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"Management meetings" cannot be used in evidence - welcome clarity in fair value proceedings

In the recent Cayman Islands case of In the matter of Trina Solar Limited (25 July 2017) the Honourable Justice Nick Segal, was asked to grant an order directing that a meeting take place between members of the Company’s management team and the valuation experts known as a “management meeting”, so that the expert could obtain information for his report as to the fair value of the shares of the Company.

It was held that:

1. A management meeting could only take place if careful safeguards were in place, namely that: (a) The meeting, like an experts’ meeting, is to be treated as a without prejudice meeting and is to be convened for the purpose of assisting the experts to understand the evidence filed and matters relevant to their valuation; (b) Nothing said in the meeting will be admissible as evidence (unless the parties agree to waive the without prejudice privilege).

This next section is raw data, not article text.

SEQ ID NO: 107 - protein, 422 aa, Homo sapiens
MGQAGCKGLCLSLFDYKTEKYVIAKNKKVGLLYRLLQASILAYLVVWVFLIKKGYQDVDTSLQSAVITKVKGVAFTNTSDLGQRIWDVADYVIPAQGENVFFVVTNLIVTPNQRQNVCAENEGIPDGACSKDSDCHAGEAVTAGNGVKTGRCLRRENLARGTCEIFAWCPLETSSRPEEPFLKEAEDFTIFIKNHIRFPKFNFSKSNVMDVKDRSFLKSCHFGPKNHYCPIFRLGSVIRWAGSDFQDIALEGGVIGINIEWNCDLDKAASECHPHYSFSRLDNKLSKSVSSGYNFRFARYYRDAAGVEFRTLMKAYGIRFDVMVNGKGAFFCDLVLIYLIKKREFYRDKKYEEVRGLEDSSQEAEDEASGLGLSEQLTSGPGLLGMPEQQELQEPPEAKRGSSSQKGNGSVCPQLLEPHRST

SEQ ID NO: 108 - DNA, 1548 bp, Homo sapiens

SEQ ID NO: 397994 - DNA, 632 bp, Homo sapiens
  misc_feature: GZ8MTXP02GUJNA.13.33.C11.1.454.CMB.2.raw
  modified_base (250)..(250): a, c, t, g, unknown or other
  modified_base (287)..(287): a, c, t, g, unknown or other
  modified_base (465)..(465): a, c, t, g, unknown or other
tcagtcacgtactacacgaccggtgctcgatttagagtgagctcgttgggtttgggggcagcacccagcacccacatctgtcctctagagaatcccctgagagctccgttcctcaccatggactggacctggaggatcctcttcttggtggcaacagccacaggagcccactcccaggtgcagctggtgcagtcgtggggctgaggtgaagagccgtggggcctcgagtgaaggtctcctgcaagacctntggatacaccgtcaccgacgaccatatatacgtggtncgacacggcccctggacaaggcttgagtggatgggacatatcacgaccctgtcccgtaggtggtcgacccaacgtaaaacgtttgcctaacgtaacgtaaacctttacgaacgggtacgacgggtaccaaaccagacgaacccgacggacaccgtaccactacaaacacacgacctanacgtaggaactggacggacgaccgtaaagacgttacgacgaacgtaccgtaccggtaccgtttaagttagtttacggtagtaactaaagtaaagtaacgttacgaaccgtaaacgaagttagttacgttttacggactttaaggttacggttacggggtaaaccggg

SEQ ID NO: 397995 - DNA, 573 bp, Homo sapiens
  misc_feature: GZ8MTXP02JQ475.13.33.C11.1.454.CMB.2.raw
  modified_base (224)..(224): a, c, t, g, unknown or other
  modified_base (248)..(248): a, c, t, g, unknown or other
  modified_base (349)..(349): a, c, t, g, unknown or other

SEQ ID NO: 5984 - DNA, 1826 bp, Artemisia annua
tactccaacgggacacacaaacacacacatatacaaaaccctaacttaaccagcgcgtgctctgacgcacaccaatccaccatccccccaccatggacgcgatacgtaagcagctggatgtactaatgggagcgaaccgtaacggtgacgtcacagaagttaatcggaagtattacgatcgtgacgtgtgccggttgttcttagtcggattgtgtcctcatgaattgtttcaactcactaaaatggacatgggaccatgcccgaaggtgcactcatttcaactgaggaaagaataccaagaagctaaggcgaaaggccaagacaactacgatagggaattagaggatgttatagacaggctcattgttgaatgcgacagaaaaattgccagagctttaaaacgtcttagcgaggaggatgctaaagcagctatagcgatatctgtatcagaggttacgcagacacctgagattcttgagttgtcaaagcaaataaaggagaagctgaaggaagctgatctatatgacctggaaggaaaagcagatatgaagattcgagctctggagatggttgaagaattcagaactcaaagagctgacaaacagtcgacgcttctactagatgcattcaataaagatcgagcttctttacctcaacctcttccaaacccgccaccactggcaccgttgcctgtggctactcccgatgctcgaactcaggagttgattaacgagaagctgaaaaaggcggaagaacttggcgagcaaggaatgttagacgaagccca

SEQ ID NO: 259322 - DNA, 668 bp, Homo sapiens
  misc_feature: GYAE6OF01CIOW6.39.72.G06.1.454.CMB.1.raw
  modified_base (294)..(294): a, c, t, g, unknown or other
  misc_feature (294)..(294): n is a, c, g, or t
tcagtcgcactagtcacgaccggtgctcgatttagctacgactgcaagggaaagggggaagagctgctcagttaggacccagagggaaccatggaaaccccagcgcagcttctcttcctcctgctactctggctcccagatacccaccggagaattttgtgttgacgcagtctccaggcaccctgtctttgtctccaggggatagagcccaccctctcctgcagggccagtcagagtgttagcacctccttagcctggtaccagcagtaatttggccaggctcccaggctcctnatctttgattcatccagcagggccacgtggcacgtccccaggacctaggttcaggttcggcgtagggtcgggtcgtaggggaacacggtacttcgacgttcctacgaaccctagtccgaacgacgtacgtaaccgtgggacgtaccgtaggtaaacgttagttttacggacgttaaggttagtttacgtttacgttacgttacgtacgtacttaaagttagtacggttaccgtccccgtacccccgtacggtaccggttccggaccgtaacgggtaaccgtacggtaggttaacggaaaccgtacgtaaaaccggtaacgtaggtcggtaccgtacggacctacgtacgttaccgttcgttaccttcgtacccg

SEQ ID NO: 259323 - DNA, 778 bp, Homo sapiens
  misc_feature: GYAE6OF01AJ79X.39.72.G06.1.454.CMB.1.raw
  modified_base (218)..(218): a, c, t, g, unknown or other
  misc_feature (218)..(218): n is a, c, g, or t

2. The Court had particular regard to the rule that a company cannot be a witness or be compelled to give evidence by a proper officer or agent. To ensure the integrity of this well established rule it was necessary that neither the Company, nor its management was being required to give evidence at the meeting.

The decision as to this issue provides welcome clarity to the status and admissibility of management meetings and ensures robust case management. It was also held that:-

3. Dissenting shareholders were not required to give discovery under the Grand Court Rules.  This is because information relating to the dissenting shareholders' investment in the Company, third party valuation reports and the dissenting shareholders’ internal analyses were not relevant to the determination of fair value of a publicly listed company's shares.

 

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